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Authors: Warren Adler

Tags: #FitzGerald; Fiona (Fictitious Character), Homicide Investigation, Washington (D.C.), Fiction, Mystery and Detective, General, Women Sleuths, Political

The Witch of Watergate

BOOK: The Witch of Watergate
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BOOKS BY WARREN ADLER

Banquet Before Dawn

Blood Ties

Cult

Death of a Washington Madame

Empty Treasures

Flanagan's Dolls

Funny Boys

Madeline's Miracles

Mourning Glory

Natural Enemies

Private Lies

Random Hearts

Residue

The Casanova Embrace

The Children of the Roses

The David Embrace

The Henderson Equation

The Housewife Blues

The War of the Roses

The Womanizer

Trans-Siberian Express

Twilight Child

Undertow

We Are Holding the President
Hostage

SHORT STORIES

Jackson Hole, Uneasy Eden

Never Too Late For Love

New York Echoes

New York Echoes 2

The Sunset Gang

MYSTERIES

American Sextet

American Quartet

Immaculate Deception

Senator Love

The Ties That Bind

The Witch of Watergate

Copyright ©
1992
by Warren Adler.

ISBN 978-1-59006-102-2

All rights reserved. This book, or parts thereof, may not be reproduced
in any form without permission. This novel is a work of fiction.
Names, characters, places, incidents are either the product
of the author's imagination or are used fictitiously.

Inquiries: WarrenAdler.com

STONEHOUSE PRESS

To Annabell

1

THE PUNGENT AROMA of the awakening spring earth and the
manure of the hundred-odd horse entries of the Middleburg Hunt Races wafted
over the soft greening field. Spaces allocated to patrons of the races were
filled with elaborately decorated tables, some with candelabra, crystal and
silver tureens, colorful flower arrangements, linen tablecloths and exotic food
concoctions.

Some were tented and served by waiters in black tie and the
air was often punctuated by the sounds of champagne bottles popping. Others
were merely sumptuous tailgate parties complete with full bar and more rustic
food placed elegantly on checkered tablecloths.

As always, Fiona FitzGerald noted, there was less interest
in the races and more in the imbibing and socializing. Chappy Chapin's bash was
a case in point. There he was, ex-Ambassador to Switzerland, now a bachelor
man-about-town, holding forth alongside his yellow and black antique Rolls
complete with a horn that trilled "Pop Goes the Weasel" on command.
As a long-standing patron of the races he had a choice up-front location.

Chappy, although he did not ride, looked the part of the
gentleman horseman. His tall frame was ramrod straight and his clipped
moustache on a pink complexion gave him an outdoorsy look that belied his
sedentary life. His relaxed hosting of this little group of ten bespoke a
practiced social elegance. He wore a plaid deerstalker cap and matching cape,
which, on him, looked perfectly normal.

Chappy always had a good group to the hunt races, and he
was usually a patron of most of them in the Washington area. His menu was
invariable, made with his own hands in his lovely house in Georgetown: spicy
fried chicken, delicious syrupy baked beans and bacon, his own secret formula,
and lush chocolate brownies. And, of course, pitchers of Bloody Marys,
champagne and whatever else alcoholic his guests might desire.

"What race is this?" Harvey Halloran asked,
turning casually toward the field, where a number of horses were steeplechasing
around the track. Few of Chappy's guests paid any attention to the races,
except to place an occassional bet with the various gentlemen bookies that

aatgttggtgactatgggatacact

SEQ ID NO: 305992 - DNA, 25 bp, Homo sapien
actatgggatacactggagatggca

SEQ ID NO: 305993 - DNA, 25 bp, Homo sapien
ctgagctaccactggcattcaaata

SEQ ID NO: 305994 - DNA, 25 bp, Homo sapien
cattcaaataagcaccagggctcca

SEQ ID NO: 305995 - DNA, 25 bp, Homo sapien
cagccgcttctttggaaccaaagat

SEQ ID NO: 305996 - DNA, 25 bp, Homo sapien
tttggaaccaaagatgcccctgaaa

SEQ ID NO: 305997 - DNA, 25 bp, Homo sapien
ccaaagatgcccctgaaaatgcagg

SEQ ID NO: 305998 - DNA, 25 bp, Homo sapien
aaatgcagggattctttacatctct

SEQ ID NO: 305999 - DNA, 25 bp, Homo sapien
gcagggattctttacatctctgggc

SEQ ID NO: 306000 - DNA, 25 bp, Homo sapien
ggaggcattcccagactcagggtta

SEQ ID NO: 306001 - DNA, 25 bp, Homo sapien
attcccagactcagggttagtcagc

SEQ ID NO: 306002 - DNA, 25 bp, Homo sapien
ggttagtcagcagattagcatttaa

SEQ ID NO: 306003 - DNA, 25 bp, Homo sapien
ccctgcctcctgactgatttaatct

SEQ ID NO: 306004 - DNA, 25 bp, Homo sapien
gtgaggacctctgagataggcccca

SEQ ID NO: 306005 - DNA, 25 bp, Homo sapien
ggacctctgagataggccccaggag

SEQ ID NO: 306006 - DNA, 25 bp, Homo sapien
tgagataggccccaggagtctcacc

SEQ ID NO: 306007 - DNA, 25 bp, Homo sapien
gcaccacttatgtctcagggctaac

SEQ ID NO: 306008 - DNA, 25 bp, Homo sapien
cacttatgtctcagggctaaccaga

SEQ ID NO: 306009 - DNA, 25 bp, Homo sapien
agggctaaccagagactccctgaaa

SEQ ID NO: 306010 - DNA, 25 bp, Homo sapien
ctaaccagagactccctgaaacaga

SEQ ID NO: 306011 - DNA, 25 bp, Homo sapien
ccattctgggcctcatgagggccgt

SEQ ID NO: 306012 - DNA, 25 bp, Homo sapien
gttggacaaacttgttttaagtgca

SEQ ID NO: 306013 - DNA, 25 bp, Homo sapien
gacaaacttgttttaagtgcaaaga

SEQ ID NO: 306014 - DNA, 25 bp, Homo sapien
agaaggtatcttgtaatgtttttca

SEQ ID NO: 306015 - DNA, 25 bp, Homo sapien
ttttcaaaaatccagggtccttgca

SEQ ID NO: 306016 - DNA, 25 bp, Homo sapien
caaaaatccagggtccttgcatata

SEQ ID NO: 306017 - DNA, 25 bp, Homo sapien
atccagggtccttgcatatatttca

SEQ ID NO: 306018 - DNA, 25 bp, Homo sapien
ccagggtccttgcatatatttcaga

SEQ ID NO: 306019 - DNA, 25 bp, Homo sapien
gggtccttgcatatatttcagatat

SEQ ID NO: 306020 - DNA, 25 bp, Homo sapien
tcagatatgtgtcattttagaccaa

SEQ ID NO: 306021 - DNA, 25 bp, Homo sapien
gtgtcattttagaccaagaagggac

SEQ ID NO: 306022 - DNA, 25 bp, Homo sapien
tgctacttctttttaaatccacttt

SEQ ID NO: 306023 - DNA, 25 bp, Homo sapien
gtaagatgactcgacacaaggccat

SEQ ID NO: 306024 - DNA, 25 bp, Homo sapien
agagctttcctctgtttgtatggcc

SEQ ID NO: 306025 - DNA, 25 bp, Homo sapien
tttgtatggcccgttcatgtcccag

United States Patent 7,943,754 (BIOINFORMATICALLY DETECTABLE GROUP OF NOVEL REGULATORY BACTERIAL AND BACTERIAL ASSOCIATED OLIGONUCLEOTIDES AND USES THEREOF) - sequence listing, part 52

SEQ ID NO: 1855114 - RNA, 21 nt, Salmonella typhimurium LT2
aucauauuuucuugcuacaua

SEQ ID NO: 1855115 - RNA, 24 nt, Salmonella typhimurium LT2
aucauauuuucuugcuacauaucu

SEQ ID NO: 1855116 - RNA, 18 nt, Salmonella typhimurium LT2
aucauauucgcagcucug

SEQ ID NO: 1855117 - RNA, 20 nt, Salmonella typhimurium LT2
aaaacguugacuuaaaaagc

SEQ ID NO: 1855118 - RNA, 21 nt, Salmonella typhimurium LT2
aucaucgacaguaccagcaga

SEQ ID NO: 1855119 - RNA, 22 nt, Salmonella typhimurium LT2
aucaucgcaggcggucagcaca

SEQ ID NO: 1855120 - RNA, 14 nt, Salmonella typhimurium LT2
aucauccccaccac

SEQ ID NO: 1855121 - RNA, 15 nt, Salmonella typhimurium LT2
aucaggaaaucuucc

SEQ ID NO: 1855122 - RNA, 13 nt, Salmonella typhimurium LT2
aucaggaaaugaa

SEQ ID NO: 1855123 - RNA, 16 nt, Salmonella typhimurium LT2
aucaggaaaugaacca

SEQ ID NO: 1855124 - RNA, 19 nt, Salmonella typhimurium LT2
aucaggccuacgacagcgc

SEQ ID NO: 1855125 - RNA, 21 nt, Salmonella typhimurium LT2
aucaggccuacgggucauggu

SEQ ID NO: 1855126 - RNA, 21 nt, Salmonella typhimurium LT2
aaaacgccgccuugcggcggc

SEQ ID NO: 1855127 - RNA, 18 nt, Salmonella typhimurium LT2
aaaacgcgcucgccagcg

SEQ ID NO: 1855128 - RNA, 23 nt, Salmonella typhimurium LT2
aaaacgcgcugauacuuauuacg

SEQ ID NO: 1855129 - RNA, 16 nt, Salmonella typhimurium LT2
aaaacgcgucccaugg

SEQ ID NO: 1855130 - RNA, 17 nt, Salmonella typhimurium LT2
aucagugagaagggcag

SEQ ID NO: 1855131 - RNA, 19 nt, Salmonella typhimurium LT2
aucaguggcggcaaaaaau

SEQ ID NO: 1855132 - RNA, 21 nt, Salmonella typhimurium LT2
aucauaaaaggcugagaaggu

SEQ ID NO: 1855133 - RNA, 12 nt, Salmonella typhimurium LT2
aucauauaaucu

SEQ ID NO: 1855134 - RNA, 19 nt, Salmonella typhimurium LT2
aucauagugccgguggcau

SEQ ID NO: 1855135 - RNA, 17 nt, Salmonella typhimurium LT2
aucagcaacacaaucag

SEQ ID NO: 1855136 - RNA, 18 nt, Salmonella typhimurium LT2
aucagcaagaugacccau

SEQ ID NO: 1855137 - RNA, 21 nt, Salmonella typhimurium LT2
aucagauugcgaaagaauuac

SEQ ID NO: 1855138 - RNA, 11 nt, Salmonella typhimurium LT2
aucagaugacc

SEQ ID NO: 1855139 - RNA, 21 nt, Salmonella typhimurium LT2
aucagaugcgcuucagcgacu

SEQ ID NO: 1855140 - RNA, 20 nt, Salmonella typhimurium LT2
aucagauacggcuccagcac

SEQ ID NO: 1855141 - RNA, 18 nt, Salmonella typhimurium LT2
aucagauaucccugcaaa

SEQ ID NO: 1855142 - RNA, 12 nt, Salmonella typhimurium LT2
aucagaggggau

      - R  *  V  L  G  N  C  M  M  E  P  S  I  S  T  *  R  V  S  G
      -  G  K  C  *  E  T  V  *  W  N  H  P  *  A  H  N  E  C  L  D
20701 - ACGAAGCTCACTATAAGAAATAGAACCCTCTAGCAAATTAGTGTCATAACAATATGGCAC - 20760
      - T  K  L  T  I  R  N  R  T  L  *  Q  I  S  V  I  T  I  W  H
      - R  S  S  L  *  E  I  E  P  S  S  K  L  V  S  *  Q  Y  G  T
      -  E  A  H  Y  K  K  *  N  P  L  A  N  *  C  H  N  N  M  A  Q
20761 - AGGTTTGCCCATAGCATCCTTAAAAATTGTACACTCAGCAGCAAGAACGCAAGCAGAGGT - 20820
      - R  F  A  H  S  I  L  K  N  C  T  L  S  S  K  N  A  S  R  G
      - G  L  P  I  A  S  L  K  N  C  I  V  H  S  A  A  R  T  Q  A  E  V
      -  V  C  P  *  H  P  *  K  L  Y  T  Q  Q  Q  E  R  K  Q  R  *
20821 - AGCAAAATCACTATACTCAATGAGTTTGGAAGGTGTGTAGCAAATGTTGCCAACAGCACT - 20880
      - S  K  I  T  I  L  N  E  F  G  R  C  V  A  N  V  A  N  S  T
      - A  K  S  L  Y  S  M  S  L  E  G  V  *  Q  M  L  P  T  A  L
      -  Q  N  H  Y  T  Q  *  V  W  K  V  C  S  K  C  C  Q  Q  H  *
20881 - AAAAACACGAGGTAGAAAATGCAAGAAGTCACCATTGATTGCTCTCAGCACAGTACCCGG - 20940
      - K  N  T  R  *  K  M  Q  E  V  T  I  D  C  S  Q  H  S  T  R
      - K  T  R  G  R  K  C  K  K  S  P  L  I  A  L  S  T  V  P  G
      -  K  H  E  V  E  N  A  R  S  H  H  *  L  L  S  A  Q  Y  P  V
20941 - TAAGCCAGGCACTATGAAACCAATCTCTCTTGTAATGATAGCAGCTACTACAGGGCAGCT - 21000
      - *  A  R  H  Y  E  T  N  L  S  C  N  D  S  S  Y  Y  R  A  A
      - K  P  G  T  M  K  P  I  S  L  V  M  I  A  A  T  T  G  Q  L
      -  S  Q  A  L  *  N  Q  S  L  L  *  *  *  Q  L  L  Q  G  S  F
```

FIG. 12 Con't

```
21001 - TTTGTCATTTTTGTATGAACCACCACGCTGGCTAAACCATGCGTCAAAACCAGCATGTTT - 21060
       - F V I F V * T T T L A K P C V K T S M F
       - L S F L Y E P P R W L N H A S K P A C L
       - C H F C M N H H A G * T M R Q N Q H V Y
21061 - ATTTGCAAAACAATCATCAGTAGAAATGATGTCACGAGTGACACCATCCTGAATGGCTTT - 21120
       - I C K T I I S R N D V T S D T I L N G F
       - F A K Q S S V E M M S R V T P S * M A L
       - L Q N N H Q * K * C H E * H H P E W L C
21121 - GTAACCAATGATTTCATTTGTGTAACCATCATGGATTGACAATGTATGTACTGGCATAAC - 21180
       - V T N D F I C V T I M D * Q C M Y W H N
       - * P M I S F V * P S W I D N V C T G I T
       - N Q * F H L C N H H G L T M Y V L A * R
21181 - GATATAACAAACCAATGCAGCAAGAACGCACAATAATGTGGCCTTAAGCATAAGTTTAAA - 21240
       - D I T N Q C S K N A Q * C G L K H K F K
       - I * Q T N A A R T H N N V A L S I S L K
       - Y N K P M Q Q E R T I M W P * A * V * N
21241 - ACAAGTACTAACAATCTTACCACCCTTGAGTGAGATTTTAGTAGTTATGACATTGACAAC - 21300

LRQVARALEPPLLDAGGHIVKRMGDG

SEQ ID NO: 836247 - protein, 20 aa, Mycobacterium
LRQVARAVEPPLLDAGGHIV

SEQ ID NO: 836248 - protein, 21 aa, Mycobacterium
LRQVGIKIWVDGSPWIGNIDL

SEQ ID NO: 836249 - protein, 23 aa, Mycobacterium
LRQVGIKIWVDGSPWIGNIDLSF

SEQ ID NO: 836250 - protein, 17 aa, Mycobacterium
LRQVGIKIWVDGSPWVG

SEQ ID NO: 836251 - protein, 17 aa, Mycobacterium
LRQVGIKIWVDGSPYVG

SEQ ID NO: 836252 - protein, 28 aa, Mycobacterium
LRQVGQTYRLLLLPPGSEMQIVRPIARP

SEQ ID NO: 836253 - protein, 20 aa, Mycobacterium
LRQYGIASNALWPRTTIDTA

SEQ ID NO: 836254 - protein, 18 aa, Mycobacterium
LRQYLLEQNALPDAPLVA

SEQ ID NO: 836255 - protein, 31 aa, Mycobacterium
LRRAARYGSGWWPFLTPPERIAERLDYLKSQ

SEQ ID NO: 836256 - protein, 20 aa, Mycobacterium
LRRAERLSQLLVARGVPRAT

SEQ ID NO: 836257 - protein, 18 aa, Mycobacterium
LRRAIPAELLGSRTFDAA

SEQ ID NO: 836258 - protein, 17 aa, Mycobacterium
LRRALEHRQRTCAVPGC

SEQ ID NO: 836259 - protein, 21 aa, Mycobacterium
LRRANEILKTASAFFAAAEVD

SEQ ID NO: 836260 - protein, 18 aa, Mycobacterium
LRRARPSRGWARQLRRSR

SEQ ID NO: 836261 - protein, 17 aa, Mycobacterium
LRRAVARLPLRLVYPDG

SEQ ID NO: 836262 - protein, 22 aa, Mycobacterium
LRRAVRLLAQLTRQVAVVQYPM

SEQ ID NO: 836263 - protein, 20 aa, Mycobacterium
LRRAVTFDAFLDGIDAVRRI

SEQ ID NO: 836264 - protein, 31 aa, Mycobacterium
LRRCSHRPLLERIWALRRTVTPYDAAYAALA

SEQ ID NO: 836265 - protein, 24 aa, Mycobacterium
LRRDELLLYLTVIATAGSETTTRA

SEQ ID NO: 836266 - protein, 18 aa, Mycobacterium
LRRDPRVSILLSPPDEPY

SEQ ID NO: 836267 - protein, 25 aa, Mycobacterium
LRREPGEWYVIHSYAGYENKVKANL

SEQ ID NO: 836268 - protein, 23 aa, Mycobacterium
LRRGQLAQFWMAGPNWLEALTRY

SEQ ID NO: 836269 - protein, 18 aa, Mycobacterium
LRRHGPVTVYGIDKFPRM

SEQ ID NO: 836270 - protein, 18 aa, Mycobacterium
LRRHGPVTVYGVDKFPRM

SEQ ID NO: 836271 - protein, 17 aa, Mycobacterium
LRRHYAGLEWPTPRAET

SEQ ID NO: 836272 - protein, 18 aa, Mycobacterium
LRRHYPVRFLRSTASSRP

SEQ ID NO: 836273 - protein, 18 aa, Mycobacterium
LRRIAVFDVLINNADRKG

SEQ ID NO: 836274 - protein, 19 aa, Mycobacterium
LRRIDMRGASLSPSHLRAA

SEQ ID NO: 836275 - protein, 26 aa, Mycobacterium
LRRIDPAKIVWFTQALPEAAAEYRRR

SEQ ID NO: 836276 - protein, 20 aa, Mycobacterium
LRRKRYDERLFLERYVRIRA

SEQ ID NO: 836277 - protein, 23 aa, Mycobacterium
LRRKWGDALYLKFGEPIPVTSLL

collected slips near the official tent. Halloran was a lobbyist for the oil and
gas industry. The other guests included a Congressman and his wife, a State
Department Assistant Secretary and his girlfriend, the Peruvian Ambassador and
his wife and a stockbroker and his male live-in lover. To Fiona, they were
familiar Washington types, par for the course.

An invitation to one of Chappy's tailgating racing parties
was a hot ticket and Fiona was often invited as Chappy's date when he didn't
have a steady on his arm and she wasn't toiling in the Eggplant's homicide
vineyard.

Today she was here out of her own sheer therapeutic necessity.
Things downtown were depressing. Drug gang wars and the accelerating
introduction of automatic weapons had considerably raised the homicide body
count, putting unbearable pressure on the entire department. A hurricane of
death was sweeping through Washington and homicide was in its vortex.

The Mayor and his appointed Police Commissioner were being
harassed by the media, especially the
Washington Post
, which had dubbed Washington the "murder capital of the U.S.A.," and the Chief of Homicide, Captain
Luther Greene, called the "Eggplant" by his underlings, was taking
flak from all sides. Eggplant was, of course, a term of affectionate derision,
its origins murky, but its tradition tenacious.

Because of the pressure, Capt. Greene had become even more
irritable and subject to tantrums as he pushed the squad to find the
perpetrators. He also worried incessantly about the dangers that this new and
bloodier environment posed to the squad.

So far no one on the squad had been hurt, although cops in
other departments had been killed. Ironically, the Eggplant had become an
object of pity and, although it would seem less than macho to mention it, Fiona
knew that his troops were deeply worried about him.

The fact was that everyone in Homicide was edgy and nervous
and naturally disgruntled by the longer hours and often futile searches for
trigger-happy, ruthless drug gang members, many of whom were juveniles. It
simply meant that everyone had more on their plates than they could possibly
handle.

Thus, Chappy's invitation on one of her rare days off came
as a godsend and she was enjoying it immensely. Theirs was a kind of old-shoe,
nonsexual, but very intimate relationship. He was a widower, a friend of her
late father the Senator, and had a reputation as a womanizer.

Fiona, as Chappy's date, played the hostess role at this
outing, helping him load up and clean up, as well as making sure the guests
were properly fed and watered. Most of the other race patrons and their guests
were also less interested in the races than in socializing and groups of people
strolled by in a roundelay of cheery hellos and double-cheeker kisses.

There was a cachet, of course, in getting Washington's
version of a celebrity to be a patron's guest and, scanning the crowd, Fiona
saw any number of Senators, Cabinet Members, high-profile journalists,
Congressmen, Ambassadors and important Administration types. It was, as